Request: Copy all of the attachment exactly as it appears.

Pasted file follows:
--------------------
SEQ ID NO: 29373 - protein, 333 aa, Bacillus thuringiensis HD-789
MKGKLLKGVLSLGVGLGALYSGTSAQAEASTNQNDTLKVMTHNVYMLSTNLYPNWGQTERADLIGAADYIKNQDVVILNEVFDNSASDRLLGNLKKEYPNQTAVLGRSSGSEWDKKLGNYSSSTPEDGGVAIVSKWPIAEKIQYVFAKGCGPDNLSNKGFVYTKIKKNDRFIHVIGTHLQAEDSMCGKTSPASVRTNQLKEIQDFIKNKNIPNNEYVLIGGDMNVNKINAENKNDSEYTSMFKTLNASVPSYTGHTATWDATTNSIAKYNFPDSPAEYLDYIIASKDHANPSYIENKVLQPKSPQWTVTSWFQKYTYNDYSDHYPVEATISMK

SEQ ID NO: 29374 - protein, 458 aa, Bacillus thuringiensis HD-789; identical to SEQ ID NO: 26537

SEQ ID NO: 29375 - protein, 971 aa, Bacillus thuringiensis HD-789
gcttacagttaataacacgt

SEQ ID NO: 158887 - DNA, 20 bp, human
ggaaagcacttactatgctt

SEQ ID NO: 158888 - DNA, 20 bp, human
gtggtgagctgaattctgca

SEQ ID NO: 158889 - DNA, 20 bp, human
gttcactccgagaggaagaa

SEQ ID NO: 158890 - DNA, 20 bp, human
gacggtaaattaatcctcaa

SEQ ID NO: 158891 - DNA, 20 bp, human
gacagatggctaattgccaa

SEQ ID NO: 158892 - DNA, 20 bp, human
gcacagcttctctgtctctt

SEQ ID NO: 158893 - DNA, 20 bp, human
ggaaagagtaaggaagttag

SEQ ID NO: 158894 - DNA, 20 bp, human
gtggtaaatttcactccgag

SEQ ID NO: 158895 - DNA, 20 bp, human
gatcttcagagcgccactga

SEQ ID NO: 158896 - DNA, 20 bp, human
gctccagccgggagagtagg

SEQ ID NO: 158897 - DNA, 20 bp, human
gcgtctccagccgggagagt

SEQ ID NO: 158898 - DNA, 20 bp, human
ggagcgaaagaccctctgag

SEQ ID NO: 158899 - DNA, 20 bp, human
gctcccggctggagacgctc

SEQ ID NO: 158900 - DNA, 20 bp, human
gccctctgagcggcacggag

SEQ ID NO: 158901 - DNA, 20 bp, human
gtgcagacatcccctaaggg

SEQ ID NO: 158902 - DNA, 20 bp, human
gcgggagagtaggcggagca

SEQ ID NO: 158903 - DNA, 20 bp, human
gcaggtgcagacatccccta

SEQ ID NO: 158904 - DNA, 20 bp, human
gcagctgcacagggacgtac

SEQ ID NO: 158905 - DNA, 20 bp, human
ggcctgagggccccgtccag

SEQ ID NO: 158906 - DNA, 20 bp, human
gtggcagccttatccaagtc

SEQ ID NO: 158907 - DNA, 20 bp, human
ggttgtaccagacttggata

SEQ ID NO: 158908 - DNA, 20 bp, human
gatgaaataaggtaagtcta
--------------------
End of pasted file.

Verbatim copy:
SEQ ID NO: 29373 - protein, 333 aa, Bacillus thuringiensis HD-789
MKGKLLKGVLSLGVGLGALYSGTSAQAEASTNQNDTLKVMTHNVYMLSTNLYPNWGQTERADLIGAADYIKNQDVVILNEVFDNSASDRLLGNLKKEYPNQTAVLGRSSGSEWDKKLGNYSSSTPEDGGVAIVSKWPIAEKIQYVFAKGCGPDNLSNKGFVYTKIKKNDRFIHVIGTHLQAEDSMCGKTSPASVRTNQLKEIQDFIKNKNIPNNEYVLIGGDMNVNKINAENKNDSEYTSMFKTLNASVPSYTGHTATWDATTNSIAKYNFPDSPAEYLDYIIASKDHANPSYIENKVLQPKSPQWTVTSWFQKYTYNDYSDHYPVEATISMK

SEQ ID NO: 29374 - protein, 458 aa, Bacillus thuringiensis HD-789; identical to SEQ ID NO: 26537

SEQ ID NO: 29375 - protein, 971 aa, Bacillus thuringiensis HD-789
gcttacagttaataacacgt

SEQ ID NO: 158887 - DNA, 20 bp, human
ggaaagcacttactatgctt

SEQ ID NO: 158888 - DNA, 20 bp, human
gtggtgagctgaattctgca

SEQ ID NO: 158889 - DNA, 20 bp, human
gttcactccgagaggaagaa

SEQ ID NO: 158890 - DNA, 20 bp, human
gacggtaaattaatcctcaa

SEQ ID NO: 158891 - DNA, 20 bp, human
gacagatggctaattgccaa

SEQ ID NO: 158892 - DNA, 20 bp, human
gcacagcttctctgtctctt

SEQ ID NO: 158893 - DNA, 20 bp, human
ggaaagagtaaggaagttag

SEQ ID NO: 158894 - DNA, 20 bp, human
gtggtaaatttcactccgag

SEQ ID NO: 158895 - DNA, 20 bp, human
gatcttcagagcgccactga

SEQ ID NO: 158896 - DNA, 20 bp, human
gctccagccgggagagtagg

SEQ ID NO: 158897 - DNA, 20 bp, human
gcgtctccagccgggagagt

SEQ ID NO: 158898 - DNA, 20 bp, human
ggagcgaaagaccctctgag

SEQ ID NO: 158899 - DNA, 20 bp, human
gctcccggctggagacgctc

SEQ ID NO: 158900 - DNA, 20 bp, human
gccctctgagcggcacggag

SEQ ID NO: 158901 - DNA, 20 bp, human
gtgcagacatcccctaaggg

SEQ ID NO: 158902 - DNA, 20 bp, human
gcgggagagtaggcggagca

SEQ ID NO: 158903 - DNA, 20 bp, human
gcaggtgcagacatccccta

SEQ ID NO: 158904 - DNA, 20 bp, human
gcagctgcacagggacgtac

SEQ ID NO: 158905 - DNA, 20 bp, human
ggcctgagggccccgtccag

SEQ ID NO: 158906 - DNA, 20 bp, human
gtggcagccttatccaagtc

SEQ ID NO: 158907 - DNA, 20 bp, human
ggttgtaccagacttggata

SEQ ID NO: 158908 - DNA, 20 bp, human
gatgaaataaggtaagtcta